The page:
Here’s an exercise to help you get started imagining the future: Focus on one big goal that really matters for 2024—and just let yourself dream. Don’t be held back by false modesty, doubt or uncertainty. Make yourself conscious of your inner voice and don’t let it tell you that you can’t do it, don’t know how, or don’t really believe in yourself. You can deal with that later, after you know what you really want to create. For now, just give yourself permission to imagine.
2. Baseline your business today against your goals for the future
Don’t do this step until you have a clear picture of where you want your business to be. When you have that firmly in mind, take an objective look at where you are now. This will be your starting point, and the way you’ll measure the distance you need to travel to get from here to there.
There are two parts to your baseline. First, you need an inventory of the skills, experiences, qualifications and resources you already have and can marshal to work toward your goals in 2024. Make a list. Include your own personal attributes and resources, and then take a walk around your business and see what else and who else can contribute. Take a fresh look at the people and systems you already have and re-imagine what those people and systems could do to push your business toward your goals.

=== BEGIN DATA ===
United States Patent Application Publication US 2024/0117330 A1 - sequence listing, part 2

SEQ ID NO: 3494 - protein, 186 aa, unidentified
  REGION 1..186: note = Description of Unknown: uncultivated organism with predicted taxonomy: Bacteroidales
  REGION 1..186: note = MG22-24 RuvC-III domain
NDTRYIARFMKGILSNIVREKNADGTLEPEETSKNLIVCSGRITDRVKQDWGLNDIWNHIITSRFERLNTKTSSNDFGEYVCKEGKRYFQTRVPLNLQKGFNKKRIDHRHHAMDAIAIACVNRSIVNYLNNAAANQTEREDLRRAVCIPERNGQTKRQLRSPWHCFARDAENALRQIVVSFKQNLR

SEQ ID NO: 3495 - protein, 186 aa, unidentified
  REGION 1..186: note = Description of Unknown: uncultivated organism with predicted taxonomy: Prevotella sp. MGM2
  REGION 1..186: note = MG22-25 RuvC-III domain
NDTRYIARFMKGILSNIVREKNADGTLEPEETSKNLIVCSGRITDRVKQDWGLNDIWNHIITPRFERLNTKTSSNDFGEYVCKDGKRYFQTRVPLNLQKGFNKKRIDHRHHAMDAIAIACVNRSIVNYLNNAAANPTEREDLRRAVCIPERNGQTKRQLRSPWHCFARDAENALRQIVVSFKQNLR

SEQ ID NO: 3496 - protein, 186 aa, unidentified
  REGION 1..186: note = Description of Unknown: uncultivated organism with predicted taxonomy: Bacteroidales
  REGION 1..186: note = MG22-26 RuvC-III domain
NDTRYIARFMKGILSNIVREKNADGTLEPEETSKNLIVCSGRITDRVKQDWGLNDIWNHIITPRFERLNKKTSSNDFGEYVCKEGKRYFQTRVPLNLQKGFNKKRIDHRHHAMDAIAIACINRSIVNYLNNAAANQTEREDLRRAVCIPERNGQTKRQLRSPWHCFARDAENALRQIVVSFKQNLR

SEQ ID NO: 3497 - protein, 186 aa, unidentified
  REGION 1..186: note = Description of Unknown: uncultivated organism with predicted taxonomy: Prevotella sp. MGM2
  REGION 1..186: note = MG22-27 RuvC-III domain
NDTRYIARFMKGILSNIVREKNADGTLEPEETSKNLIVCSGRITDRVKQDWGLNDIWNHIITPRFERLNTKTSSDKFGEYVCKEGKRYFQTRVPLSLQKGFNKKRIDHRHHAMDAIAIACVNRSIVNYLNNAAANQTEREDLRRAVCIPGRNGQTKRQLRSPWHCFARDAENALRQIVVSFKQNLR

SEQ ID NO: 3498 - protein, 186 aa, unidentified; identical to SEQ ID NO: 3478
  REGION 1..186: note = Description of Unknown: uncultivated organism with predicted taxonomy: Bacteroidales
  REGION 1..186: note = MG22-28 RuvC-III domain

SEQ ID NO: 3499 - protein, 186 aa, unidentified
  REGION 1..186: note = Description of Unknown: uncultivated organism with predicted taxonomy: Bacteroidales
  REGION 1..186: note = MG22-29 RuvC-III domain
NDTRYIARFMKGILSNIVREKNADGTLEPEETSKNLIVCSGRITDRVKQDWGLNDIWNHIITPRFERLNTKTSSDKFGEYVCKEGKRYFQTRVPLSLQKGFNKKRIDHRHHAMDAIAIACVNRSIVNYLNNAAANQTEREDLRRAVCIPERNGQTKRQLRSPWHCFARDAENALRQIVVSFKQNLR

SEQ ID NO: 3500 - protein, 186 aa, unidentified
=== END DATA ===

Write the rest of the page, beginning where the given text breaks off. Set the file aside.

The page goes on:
Second, you need a current-state evaluation of each of the Seven Essential Systems in your business:
- Customer Fulfillment
- Lead Conversion
- Lead Generation
If you’ve never done this kind of evaluation, here’s our comprehensive business assessment.
It’ll help you gauge the strengths and challenges of each system in your business. And it’ll tell you what’s missing that you haven’t created yet.
A thoughtful, thorough baseline will give you a clear understanding of where your company currently stands in the context of planning for your goal. It’ll also show you some of the assumptions you’ve made, and whether you want to keep them or replace them. You’ll have a realistic starting point for planning.
3. Design a goal-focused plan
So now you’ve fully imagined your goal and set up the context from your business assessment. Next, revisit the Seven Essential Systems and work out what needs to change within each one to get from where you are now to where you want to be.
- Are you clear on the vision?